Why are different versions of ACDSee affected in different ways by these external things?

    Specific examples would help.

    By the way it is not the start-up time that is a real problem, it’s more the sluggish way it works while developing an image. what is causing that that, I'd like to know. some hints from ACDSee where to look would be appreciated.

    The RAW images I process are the 45MB images from a Nikon Z7

    My desktop PC also has a i7 processor, but it is gen 3 (i7-3770K 3.5GHz). If ACDSee tell me the problems would all disappear with an i7 gen 10 processor I’d buy a new PC tomorrow. But not sure if that would be good for sales of ACDSee, if you need to buy a new PC to make it work OK.

    I have 16GB RAM, Win 10 Home ,64 bit . The ACDSee software and the photos and the database are stored on SSD drives.
    The graphics card is an NVIDIA GTX1080. I also use CCleaner regularly to do “housekeeping” and I make sure no unwanted programs are in the autostart.

    I have face detection turned off and Auto Index turned on (but only if idle for 5 minutes), and I don't use 365, so the options for that are not enabled.

    When I changed to U2021 I converted my existing database, because I want to keep the files I have tagged still marked as tagged in the new database. I optimised the old version before conversion. Also optimised again afterwards. Since then I have also done database maintenance

    Although I'm a busy man, if the ACDSee experts want to work with me on this I'd be happy to cooperate with them.
    Last edited by Trevor; 11-25-2020, 07:04 AM.

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  • alex-online
    replied
    I agree that the main motto for 2021 is a false advertising.
    "Our Fastest Version Yet" — probably the full sentence was ... to come

    Personally, I haven't noticed any visible performance difference in 2021.
    Start-up about 10 sec — on par with previous versions. Not the most important metric.
    Opening images to edit 2-5 sec — the same. Very important delay.
    Fortunately, face recognition can still be turned off completely.

    Batch renaming is better, but not the main part.
    Color, tone wheels — very subjective improvement.

    If it's worth updating 2020 to 2021, I can't give a positive answer to myself yet.
    I really wished and hoped we would see old times fastness on basic operations, but no.

    Leave a comment:


  • Greyfox
    replied
    Originally posted by Trevor View Post

    It would be great if ACDSee could investigate some of these slower PC's and find out why, and then give out some specific tips/recommendations for the general PC setup needed to make the ACDSee expecrience enjoyable.
    I'm not sure how practical that task would be. The speed of software on any particular PC can depend on so many different things and combination of things.

    In terms of hardware there are the obvious, the type and characteristics of the CPU (speed, single core, multicore, hyperthreading), the main board chipset, bus speeds, the available amount and speed of PC memory, the graphics processor, the type of drives in use, and the type of network connection (Ethernet, wireless) to name a few. But with older PC's there is also perhaps the less obvious, the gradual increase in read/write times when available drive space starts to run low on mechanical hard drives, or when they have become badly fragmented. The automatic throttling back of chips that can occur because over time the cooling has deteriorated due to build up of dirt, or because the thermal paste has dried right out.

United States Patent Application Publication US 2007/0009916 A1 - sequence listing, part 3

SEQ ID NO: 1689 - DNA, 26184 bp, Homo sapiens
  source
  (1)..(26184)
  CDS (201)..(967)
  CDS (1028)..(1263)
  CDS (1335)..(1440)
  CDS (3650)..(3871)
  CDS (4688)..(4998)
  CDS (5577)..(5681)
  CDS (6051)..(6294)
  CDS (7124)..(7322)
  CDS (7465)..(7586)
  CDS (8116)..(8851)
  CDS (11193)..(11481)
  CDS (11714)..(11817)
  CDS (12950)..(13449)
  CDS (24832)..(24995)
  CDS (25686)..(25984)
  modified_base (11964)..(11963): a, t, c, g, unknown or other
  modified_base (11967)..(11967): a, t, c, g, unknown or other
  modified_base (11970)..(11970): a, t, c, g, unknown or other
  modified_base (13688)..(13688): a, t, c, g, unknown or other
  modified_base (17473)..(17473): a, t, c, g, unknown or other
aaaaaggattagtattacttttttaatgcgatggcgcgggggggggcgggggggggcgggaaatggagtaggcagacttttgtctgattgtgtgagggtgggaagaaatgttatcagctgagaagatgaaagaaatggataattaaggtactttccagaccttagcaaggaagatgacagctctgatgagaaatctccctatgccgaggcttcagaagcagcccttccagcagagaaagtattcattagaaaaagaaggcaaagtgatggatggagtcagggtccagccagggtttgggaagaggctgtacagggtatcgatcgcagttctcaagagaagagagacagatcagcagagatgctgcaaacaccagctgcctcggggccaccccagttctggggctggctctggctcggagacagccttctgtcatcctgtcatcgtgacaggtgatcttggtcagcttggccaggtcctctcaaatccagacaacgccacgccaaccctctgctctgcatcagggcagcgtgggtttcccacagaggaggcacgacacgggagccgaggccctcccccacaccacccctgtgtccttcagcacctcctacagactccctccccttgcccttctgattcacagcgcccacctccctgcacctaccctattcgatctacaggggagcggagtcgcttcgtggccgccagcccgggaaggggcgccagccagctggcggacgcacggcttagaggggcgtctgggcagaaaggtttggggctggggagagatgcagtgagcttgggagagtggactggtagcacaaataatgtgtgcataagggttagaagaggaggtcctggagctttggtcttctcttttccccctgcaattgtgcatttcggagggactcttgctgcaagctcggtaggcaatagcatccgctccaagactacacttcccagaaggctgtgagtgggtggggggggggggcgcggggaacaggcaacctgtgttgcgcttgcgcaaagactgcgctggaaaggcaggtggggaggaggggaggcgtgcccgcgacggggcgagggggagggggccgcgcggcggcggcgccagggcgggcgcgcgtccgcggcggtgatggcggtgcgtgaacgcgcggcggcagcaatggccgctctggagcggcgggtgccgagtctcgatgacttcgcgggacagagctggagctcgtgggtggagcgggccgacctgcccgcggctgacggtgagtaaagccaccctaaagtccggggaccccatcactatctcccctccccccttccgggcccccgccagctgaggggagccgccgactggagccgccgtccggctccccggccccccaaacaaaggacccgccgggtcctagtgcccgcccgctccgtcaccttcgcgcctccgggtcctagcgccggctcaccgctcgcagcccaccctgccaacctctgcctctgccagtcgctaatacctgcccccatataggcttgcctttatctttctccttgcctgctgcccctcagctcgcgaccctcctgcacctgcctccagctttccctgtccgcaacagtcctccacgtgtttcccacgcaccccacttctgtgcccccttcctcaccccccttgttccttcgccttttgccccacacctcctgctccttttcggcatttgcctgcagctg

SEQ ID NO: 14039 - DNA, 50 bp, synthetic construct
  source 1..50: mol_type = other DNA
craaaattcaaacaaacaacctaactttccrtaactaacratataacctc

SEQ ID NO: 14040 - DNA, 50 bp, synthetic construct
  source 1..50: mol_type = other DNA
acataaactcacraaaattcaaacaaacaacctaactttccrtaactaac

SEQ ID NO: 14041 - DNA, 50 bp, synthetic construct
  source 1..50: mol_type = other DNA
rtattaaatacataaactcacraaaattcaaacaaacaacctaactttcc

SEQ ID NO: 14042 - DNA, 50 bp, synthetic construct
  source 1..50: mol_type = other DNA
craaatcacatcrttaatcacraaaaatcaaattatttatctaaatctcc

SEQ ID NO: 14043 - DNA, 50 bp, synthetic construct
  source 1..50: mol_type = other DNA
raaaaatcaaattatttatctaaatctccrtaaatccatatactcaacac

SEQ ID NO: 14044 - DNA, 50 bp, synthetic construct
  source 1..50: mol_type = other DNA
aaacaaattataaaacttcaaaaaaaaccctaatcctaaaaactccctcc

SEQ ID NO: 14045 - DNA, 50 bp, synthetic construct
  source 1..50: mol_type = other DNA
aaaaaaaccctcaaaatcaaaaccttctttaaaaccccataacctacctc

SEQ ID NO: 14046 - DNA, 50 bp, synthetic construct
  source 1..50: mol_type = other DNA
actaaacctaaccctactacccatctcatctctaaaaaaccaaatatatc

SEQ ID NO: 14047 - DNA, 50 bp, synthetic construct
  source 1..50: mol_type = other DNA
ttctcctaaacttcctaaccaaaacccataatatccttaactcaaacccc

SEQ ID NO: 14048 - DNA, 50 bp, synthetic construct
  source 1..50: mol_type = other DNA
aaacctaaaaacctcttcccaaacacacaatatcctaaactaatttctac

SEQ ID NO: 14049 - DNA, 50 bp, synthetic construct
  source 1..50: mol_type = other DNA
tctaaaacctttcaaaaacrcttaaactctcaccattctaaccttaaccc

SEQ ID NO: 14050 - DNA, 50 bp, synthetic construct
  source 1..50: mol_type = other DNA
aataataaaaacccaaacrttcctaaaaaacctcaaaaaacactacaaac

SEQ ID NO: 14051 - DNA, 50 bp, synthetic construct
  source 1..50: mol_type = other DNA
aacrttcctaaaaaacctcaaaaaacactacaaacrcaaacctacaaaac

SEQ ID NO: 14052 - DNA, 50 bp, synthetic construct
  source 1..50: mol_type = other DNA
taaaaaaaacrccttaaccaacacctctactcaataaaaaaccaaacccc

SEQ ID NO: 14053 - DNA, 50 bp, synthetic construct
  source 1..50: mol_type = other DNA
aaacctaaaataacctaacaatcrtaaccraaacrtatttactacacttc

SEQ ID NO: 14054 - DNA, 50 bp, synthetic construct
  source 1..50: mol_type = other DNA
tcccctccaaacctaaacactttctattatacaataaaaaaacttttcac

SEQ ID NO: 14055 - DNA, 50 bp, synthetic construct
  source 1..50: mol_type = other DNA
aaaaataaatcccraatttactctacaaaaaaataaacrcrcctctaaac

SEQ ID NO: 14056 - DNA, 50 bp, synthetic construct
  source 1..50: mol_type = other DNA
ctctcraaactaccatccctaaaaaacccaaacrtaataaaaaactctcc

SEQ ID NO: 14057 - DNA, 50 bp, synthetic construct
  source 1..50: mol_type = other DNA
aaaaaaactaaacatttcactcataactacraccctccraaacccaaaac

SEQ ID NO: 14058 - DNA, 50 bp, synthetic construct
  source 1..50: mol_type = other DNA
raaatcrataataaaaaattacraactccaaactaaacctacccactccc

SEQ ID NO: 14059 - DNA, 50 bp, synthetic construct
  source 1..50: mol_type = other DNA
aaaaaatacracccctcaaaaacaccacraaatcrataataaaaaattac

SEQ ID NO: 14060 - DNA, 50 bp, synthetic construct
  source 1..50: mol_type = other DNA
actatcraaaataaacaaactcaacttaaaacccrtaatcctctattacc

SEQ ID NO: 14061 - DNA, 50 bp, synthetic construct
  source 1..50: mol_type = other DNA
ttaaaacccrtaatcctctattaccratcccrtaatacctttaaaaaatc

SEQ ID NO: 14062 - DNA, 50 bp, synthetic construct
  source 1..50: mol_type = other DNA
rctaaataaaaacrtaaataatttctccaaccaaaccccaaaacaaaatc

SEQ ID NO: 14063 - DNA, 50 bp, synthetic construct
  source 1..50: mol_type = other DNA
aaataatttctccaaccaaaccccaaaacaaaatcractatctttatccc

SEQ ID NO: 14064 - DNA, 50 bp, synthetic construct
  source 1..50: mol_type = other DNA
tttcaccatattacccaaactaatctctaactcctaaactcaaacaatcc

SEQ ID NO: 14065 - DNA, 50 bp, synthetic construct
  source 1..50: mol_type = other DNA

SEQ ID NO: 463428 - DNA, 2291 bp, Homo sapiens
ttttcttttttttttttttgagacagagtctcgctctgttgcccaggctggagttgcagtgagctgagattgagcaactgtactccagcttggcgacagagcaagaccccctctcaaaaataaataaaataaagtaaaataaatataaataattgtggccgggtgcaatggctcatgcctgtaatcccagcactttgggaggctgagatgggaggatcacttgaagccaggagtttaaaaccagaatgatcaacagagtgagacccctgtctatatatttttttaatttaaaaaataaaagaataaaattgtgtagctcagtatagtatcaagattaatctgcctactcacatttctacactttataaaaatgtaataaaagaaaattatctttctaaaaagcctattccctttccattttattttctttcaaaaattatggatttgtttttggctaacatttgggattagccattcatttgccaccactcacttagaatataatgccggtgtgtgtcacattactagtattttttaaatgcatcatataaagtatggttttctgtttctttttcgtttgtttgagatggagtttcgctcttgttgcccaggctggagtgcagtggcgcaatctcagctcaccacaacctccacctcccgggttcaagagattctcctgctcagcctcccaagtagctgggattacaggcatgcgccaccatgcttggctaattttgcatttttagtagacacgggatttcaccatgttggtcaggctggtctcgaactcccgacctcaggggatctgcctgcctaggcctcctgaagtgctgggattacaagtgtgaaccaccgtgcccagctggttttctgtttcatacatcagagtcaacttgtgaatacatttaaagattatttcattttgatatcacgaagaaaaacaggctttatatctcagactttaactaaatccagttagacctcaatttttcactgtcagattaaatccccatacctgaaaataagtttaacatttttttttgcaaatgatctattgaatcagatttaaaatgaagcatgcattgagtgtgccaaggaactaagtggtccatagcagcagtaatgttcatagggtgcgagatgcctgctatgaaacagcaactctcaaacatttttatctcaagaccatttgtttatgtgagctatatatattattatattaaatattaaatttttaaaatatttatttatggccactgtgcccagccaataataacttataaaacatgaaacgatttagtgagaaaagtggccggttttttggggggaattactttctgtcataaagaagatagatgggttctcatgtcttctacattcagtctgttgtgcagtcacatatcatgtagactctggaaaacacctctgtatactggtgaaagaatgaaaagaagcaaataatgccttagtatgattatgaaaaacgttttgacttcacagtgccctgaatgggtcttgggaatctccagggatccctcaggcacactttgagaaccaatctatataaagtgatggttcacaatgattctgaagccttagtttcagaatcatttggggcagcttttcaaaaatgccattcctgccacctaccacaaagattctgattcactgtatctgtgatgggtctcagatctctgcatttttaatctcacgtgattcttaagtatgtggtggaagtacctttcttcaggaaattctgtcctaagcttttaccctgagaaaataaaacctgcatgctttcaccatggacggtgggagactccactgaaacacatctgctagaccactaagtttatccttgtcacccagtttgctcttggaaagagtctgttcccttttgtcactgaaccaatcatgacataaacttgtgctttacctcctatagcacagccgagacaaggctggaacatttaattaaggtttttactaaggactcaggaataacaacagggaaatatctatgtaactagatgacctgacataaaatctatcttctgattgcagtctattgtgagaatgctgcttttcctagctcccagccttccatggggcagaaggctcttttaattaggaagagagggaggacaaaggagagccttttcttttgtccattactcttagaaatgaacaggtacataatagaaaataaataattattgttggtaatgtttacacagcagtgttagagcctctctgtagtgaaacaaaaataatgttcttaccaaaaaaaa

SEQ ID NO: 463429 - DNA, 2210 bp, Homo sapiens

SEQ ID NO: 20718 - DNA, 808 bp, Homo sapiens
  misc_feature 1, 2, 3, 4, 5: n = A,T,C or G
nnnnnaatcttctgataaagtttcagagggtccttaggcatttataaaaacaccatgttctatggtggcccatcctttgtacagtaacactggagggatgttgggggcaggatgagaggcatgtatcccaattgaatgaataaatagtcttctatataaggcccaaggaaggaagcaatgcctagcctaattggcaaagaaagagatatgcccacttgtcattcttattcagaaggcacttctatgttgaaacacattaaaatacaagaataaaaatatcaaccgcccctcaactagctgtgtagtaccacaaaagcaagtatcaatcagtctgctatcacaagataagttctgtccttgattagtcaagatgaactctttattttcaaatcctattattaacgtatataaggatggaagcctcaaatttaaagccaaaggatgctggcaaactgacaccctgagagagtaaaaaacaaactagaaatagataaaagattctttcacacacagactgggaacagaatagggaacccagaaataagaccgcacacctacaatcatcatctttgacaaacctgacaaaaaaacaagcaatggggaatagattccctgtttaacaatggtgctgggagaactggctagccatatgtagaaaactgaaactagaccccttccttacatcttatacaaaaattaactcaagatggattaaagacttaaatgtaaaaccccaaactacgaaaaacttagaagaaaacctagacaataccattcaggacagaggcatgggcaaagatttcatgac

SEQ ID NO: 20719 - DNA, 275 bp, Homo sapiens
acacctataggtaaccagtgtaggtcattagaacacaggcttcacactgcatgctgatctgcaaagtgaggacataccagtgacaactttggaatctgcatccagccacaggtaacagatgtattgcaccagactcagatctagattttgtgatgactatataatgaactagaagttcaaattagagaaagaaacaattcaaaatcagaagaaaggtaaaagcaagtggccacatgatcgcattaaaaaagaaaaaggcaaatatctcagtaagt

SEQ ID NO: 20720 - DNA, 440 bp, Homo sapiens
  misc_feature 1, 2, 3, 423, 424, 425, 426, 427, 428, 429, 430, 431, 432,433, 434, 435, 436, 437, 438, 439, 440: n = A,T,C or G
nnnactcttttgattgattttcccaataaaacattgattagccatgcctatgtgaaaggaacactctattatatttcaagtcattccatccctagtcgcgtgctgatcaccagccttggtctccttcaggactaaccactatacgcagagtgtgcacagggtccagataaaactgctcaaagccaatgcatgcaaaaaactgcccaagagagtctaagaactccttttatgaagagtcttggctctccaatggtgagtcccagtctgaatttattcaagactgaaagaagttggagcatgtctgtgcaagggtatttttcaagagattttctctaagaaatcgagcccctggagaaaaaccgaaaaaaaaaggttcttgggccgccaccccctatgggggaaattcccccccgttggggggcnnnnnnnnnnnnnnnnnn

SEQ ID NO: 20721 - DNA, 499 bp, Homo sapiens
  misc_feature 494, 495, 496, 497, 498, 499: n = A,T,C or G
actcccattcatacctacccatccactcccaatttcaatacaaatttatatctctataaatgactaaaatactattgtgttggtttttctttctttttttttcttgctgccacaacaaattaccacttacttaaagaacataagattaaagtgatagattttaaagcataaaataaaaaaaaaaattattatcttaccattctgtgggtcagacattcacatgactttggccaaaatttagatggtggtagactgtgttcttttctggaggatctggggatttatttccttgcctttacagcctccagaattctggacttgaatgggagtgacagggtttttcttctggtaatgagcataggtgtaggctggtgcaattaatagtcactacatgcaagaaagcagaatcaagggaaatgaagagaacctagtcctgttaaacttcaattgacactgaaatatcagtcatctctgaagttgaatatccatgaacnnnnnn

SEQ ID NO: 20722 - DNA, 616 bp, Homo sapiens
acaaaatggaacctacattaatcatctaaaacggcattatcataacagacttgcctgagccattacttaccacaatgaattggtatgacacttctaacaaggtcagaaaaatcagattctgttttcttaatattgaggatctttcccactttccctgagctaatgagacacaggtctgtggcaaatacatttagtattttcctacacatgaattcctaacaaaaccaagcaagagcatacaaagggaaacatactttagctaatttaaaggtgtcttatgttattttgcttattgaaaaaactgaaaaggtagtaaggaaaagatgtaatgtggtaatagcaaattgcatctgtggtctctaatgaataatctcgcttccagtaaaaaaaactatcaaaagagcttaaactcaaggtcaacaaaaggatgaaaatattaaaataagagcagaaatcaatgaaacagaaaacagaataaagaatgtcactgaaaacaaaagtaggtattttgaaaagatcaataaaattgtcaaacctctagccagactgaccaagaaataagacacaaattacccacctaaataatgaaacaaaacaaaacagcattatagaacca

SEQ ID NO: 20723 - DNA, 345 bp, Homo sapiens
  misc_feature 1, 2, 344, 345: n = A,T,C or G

In terms of the operating system, again the obvious, the OS version and what updates have been installed (Microsoft patches that were issued to overcome security issues with early Intel processors were known to reduce performance), virtual memory settings and the condition of the registry. Sadly one of negatives of the Windows operating system is how the registry seriously bloats with time. It is not uncommon for those wanting the best performance from their PC to do bare metal clean install of Windows and all of the current software every 12 months or so.

    Other factors that can effect performance are the overall amount of software installed on the PC and the quality of the housekeeping.

    In terms of a program's startup time, some software uses splash screen "up time" to do on line registration checks, to check for updates, and to send out analytical data. How much effect any "on line" component of that nature has on startup time depends on exactly what the software is programmed to do during start up, and the speed of the network and internet connection at the time.

    In terms of Photo Studio, the size of the image collection and where it is installed, the size of the database, where it is stored and how well the database is maintained. Other items are the user option settings, what other software is running at the same time, what background processes are taking place, and what effect anti-virus and anti-malware software is having on Photo Studio operations.

    I will qualify the 2.35 seconds startup time I posted earlier for U2021. This is on a desktop PC that is less than 3 months months old, it has an Intel i7-10700 Gen10 CPU, 32GB RAM and a GTX1660 6GB GPU. The operating system was a completely new installation of 64bit Windows 10 Pro v2004, and the registry has not yet had time to significantly bloat. The operating system is on a M.2 NVMe SSD and the bulk of the photos and the database are on another M.2 NVMe SSD (regularly backed up onto external drives).

    I opted to start a completely new database when I installed U2021 on this PC, and then read the metadata into it from the metadata embedded in the images (Catalog process), rather than transferring and converting the older U2020 database I had on the previous desktop PC.